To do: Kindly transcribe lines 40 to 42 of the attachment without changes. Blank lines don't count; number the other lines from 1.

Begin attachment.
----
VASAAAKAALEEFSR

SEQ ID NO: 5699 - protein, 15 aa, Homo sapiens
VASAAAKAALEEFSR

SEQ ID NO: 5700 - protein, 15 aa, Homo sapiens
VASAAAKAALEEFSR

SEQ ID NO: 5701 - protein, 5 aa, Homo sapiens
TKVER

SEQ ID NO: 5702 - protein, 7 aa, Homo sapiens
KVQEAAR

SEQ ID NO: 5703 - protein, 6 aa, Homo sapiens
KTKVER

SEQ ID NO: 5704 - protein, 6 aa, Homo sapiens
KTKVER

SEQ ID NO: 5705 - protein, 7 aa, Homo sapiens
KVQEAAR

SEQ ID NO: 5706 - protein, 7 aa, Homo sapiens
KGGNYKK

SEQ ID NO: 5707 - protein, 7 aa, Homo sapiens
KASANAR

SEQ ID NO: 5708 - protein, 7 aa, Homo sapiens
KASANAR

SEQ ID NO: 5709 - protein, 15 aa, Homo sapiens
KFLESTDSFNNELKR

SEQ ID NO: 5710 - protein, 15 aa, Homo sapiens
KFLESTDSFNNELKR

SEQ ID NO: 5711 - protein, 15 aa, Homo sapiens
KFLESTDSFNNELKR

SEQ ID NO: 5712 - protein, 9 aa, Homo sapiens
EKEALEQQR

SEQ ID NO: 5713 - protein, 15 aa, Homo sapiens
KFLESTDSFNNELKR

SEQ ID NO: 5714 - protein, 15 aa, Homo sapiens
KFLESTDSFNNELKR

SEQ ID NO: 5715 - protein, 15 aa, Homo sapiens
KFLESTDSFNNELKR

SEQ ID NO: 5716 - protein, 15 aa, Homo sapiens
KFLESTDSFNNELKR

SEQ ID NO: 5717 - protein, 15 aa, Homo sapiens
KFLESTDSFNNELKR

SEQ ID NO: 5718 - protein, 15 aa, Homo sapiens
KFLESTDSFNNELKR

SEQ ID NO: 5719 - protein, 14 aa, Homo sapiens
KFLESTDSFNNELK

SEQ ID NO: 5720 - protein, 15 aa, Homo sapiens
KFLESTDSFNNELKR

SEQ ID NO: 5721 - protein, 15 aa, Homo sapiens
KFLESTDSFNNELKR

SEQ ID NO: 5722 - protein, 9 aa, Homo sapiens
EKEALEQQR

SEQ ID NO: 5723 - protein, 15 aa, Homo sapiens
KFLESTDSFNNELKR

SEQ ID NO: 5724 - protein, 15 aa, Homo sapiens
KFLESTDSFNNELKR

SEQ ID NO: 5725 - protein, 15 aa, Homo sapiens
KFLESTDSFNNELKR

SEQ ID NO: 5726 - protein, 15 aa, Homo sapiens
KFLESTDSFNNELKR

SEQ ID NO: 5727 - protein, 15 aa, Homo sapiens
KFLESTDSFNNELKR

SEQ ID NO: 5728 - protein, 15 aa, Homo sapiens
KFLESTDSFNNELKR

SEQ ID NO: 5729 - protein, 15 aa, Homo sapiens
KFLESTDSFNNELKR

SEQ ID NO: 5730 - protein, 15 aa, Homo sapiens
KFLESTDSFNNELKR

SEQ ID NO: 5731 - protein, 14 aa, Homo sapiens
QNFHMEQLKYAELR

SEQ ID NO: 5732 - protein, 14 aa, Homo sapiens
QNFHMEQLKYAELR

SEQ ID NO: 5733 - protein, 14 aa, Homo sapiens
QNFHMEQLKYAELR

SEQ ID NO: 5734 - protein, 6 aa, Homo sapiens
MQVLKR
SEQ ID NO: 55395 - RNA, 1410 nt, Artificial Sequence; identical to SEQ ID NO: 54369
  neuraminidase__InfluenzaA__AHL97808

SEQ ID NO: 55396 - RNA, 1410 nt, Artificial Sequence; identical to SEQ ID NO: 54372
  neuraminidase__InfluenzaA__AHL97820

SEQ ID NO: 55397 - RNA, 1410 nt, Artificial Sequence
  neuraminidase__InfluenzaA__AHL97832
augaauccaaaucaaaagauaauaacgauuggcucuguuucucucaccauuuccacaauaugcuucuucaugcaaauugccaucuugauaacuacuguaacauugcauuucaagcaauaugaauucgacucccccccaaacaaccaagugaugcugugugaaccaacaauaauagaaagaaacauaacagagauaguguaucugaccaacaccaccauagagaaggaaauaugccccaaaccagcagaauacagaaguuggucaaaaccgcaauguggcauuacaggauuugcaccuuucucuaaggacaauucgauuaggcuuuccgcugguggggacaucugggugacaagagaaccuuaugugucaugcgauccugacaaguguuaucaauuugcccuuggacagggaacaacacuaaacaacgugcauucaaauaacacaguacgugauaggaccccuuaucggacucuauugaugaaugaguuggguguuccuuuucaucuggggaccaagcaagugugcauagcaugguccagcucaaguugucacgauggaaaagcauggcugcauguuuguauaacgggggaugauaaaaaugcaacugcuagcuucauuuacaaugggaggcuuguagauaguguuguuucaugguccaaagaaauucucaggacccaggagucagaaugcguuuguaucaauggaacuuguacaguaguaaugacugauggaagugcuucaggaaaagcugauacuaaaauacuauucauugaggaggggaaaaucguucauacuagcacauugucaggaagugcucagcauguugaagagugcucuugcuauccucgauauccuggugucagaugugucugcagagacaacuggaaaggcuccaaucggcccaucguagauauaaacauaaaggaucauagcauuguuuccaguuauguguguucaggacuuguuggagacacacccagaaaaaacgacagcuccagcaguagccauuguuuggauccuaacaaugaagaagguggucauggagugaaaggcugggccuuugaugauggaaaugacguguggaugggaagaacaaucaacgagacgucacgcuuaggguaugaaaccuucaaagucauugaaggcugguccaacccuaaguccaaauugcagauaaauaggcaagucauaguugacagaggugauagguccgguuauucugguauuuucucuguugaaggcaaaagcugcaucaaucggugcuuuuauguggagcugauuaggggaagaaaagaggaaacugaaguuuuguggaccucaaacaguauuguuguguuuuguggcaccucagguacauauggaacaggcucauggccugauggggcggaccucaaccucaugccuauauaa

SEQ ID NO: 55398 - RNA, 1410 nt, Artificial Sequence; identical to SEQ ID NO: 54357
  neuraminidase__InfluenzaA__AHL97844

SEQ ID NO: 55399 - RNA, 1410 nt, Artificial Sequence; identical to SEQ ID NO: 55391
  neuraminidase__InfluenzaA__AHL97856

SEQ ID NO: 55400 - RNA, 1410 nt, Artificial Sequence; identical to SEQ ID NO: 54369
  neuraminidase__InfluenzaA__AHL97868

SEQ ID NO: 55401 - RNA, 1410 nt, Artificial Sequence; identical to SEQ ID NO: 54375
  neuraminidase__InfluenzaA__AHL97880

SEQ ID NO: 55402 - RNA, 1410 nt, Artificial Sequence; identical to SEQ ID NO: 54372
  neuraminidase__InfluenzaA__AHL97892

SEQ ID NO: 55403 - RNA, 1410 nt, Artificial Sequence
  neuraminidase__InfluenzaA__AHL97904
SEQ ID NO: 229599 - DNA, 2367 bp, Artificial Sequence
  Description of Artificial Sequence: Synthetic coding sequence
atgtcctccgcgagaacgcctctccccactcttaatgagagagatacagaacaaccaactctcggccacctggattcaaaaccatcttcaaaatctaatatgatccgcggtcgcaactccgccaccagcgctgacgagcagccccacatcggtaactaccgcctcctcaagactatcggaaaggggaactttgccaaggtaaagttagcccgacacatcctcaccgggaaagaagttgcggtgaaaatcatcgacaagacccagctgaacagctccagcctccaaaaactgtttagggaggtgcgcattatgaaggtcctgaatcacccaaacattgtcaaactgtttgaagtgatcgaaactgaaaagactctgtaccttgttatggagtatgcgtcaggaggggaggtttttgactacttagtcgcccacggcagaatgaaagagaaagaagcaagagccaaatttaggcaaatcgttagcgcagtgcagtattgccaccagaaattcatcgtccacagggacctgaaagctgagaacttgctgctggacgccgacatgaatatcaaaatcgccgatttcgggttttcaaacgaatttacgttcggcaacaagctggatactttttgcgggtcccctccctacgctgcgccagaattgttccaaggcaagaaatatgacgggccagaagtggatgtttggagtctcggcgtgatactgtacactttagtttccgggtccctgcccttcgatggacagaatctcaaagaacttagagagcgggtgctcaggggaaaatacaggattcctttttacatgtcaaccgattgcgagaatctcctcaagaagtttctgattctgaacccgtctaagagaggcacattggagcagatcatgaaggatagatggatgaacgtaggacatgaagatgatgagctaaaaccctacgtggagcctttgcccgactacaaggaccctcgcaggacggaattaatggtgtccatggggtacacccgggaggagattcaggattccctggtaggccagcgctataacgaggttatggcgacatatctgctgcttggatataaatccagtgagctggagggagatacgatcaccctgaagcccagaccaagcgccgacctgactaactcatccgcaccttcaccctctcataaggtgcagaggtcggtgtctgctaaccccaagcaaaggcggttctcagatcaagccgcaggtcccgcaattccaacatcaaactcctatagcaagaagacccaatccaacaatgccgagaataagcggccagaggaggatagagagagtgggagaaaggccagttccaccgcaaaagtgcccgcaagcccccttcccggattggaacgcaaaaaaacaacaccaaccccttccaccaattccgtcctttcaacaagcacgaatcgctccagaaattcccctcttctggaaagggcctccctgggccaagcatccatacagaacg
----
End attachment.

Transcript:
SEQ ID NO: 5718 - protein, 15 aa, Homo sapiens
KFLESTDSFNNELKR

SEQ ID NO: 5719 - protein, 14 aa, Homo sapiens